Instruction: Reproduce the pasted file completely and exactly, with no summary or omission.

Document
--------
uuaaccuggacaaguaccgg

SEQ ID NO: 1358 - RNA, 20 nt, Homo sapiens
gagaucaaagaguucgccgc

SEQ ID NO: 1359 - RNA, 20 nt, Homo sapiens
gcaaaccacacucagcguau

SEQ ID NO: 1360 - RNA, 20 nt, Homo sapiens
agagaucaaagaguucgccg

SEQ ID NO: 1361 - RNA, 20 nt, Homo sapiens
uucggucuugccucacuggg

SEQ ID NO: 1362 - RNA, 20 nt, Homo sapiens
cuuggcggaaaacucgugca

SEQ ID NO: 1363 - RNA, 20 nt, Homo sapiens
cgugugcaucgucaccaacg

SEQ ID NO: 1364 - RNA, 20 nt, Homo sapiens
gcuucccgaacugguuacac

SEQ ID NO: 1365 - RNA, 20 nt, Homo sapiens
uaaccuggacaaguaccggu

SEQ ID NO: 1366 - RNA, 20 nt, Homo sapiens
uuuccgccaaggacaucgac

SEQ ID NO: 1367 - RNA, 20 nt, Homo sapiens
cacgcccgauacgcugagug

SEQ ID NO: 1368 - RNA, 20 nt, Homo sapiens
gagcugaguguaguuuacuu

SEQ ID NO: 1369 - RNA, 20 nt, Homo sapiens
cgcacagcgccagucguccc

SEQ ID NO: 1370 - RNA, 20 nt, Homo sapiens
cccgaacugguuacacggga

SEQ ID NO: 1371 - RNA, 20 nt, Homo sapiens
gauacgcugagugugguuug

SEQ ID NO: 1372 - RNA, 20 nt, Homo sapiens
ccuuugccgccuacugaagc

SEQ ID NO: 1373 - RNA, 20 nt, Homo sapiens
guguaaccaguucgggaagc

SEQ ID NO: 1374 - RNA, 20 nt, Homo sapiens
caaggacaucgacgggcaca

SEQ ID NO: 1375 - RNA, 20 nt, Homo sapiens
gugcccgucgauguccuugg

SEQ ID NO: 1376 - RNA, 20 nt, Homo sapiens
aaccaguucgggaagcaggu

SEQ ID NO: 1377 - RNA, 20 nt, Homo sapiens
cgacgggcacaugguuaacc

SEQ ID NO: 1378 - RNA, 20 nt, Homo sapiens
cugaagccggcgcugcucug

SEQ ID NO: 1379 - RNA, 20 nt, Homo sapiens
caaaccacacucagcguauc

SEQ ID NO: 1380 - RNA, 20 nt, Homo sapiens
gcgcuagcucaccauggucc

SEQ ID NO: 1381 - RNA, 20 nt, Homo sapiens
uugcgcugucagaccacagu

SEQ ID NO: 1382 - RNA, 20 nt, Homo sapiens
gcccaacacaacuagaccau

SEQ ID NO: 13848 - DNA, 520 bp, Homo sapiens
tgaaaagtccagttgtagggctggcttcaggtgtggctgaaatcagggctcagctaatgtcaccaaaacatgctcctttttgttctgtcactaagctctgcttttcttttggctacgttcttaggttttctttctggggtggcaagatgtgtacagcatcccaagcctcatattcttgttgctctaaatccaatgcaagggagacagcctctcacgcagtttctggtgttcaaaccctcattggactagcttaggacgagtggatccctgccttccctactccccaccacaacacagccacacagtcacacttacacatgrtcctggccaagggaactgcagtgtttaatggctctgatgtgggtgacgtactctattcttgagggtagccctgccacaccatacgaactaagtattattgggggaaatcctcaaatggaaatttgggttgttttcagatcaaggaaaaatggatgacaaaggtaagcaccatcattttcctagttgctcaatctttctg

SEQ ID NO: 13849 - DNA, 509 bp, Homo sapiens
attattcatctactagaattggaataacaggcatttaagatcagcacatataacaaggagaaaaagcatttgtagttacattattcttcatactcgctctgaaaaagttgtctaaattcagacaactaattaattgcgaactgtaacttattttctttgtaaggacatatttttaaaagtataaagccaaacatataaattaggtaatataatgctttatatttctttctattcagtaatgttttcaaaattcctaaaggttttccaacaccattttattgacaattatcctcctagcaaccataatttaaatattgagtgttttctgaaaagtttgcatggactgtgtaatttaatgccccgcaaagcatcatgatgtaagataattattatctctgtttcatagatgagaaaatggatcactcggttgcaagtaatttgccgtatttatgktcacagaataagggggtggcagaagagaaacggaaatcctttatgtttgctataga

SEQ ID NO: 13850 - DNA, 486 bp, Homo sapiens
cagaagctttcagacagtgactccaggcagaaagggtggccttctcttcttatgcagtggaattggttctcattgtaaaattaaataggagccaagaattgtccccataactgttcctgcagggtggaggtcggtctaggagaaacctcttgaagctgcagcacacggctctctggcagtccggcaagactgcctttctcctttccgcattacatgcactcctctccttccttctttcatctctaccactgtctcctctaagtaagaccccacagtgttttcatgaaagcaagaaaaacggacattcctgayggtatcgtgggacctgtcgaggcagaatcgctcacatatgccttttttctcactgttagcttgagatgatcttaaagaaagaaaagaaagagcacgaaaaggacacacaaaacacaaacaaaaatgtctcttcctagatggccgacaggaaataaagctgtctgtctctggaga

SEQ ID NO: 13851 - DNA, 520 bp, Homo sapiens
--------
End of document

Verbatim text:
uuaaccuggacaaguaccgg

SEQ ID NO: 1358 - RNA, 20 nt, Homo sapiens
gagaucaaagaguucgccgc

SEQ ID NO: 1359 - RNA, 20 nt, Homo sapiens
gcaaaccacacucagcguau

SEQ ID NO: 1360 - RNA, 20 nt, Homo sapiens
agagaucaaagaguucgccg

SEQ ID NO: 1361 - RNA, 20 nt, Homo sapiens
uucggucuugccucacuggg

SEQ ID NO: 1362 - RNA, 20 nt, Homo sapiens
cuuggcggaaaacucgugca

SEQ ID NO: 1363 - RNA, 20 nt, Homo sapiens
cgugugcaucgucaccaacg

SEQ ID NO: 1364 - RNA, 20 nt, Homo sapiens
gcuucccgaacugguuacac

SEQ ID NO: 1365 - RNA, 20 nt, Homo sapiens
uaaccuggacaaguaccggu

SEQ ID NO: 1366 - RNA, 20 nt, Homo sapiens
uuuccgccaaggacaucgac

SEQ ID NO: 1367 - RNA, 20 nt, Homo sapiens
cacgcccgauacgcugagug

SEQ ID NO: 1368 - RNA, 20 nt, Homo sapiens
gagcugaguguaguuuacuu

SEQ ID NO: 1369 - RNA, 20 nt, Homo sapiens
cgcacagcgccagucguccc

SEQ ID NO: 1370 - RNA, 20 nt, Homo sapiens
cccgaacugguuacacggga

SEQ ID NO: 1371 - RNA, 20 nt, Homo sapiens
gauacgcugagugugguuug

SEQ ID NO: 1372 - RNA, 20 nt, Homo sapiens
ccuuugccgccuacugaagc

SEQ ID NO: 1373 - RNA, 20 nt, Homo sapiens
guguaaccaguucgggaagc

SEQ ID NO: 1374 - RNA, 20 nt, Homo sapiens
caaggacaucgacgggcaca

SEQ ID NO: 1375 - RNA, 20 nt, Homo sapiens
gugcccgucgauguccuugg

SEQ ID NO: 1376 - RNA, 20 nt, Homo sapiens
aaccaguucgggaagcaggu

SEQ ID NO: 1377 - RNA, 20 nt, Homo sapiens
cgacgggcacaugguuaacc

SEQ ID NO: 1378 - RNA, 20 nt, Homo sapiens
cugaagccggcgcugcucug

SEQ ID NO: 1379 - RNA, 20 nt, Homo sapiens
caaaccacacucagcguauc

SEQ ID NO: 1380 - RNA, 20 nt, Homo sapiens
gcgcuagcucaccauggucc

SEQ ID NO: 1381 - RNA, 20 nt, Homo sapiens
uugcgcugucagaccacagu

SEQ ID NO: 1382 - RNA, 20 nt, Homo sapiens
gcccaacacaacuagaccau

SEQ ID NO: 13848 - DNA, 520 bp, Homo sapiens
tgaaaagtccagttgtagggctggcttcaggtgtggctgaaatcagggctcagctaatgtcaccaaaacatgctcctttttgttctgtcactaagctctgcttttcttttggctacgttcttaggttttctttctggggtggcaagatgtgtacagcatcccaagcctcatattcttgttgctctaaatccaatgcaagggagacagcctctcacgcagtttctggtgttcaaaccctcattggactagcttaggacgagtggatccctgccttccctactccccaccacaacacagccacacagtcacacttacacatgrtcctggccaagggaactgcagtgtttaatggctctgatgtgggtgacgtactctattcttgagggtagccctgccacaccatacgaactaagtattattgggggaaatcctcaaatggaaatttgggttgttttcagatcaaggaaaaatggatgacaaaggtaagcaccatcattttcctagttgctcaatctttctg

SEQ ID NO: 13849 - DNA, 509 bp, Homo sapiens
attattcatctactagaattggaataacaggcatttaagatcagcacatataacaaggagaaaaagcatttgtagttacattattcttcatactcgctctgaaaaagttgtctaaattcagacaactaattaattgcgaactgtaacttattttctttgtaaggacatatttttaaaagtataaagccaaacatataaattaggtaatataatgctttatatttctttctattcagtaatgttttcaaaattcctaaaggttttccaacaccattttattgacaattatcctcctagcaaccataatttaaatattgagtgttttctgaaaagtttgcatggactgtgtaatttaatgccccgcaaagcatcatgatgtaagataattattatctctgtttcatagatgagaaaatggatcactcggttgcaagtaatttgccgtatttatgktcacagaataagggggtggcagaagagaaacggaaatcctttatgtttgctataga

SEQ ID NO: 13850 - DNA, 486 bp, Homo sapiens
cagaagctttcagacagtgactccaggcagaaagggtggccttctcttcttatgcagtggaattggttctcattgtaaaattaaataggagccaagaattgtccccataactgttcctgcagggtggaggtcggtctaggagaaacctcttgaagctgcagcacacggctctctggcagtccggcaagactgcctttctcctttccgcattacatgcactcctctccttccttctttcatctctaccactgtctcctctaagtaagaccccacagtgttttcatgaaagcaagaaaaacggacattcctgayggtatcgtgggacctgtcgaggcagaatcgctcacatatgccttttttctcactgttagcttgagatgatcttaaagaaagaaaagaaagagcacgaaaaggacacacaaaacacaaacaaaaatgtctcttcctagatggccgacaggaaataaagctgtctgtctctggaga

SEQ ID NO: 13851 - DNA, 520 bp, Homo sapiens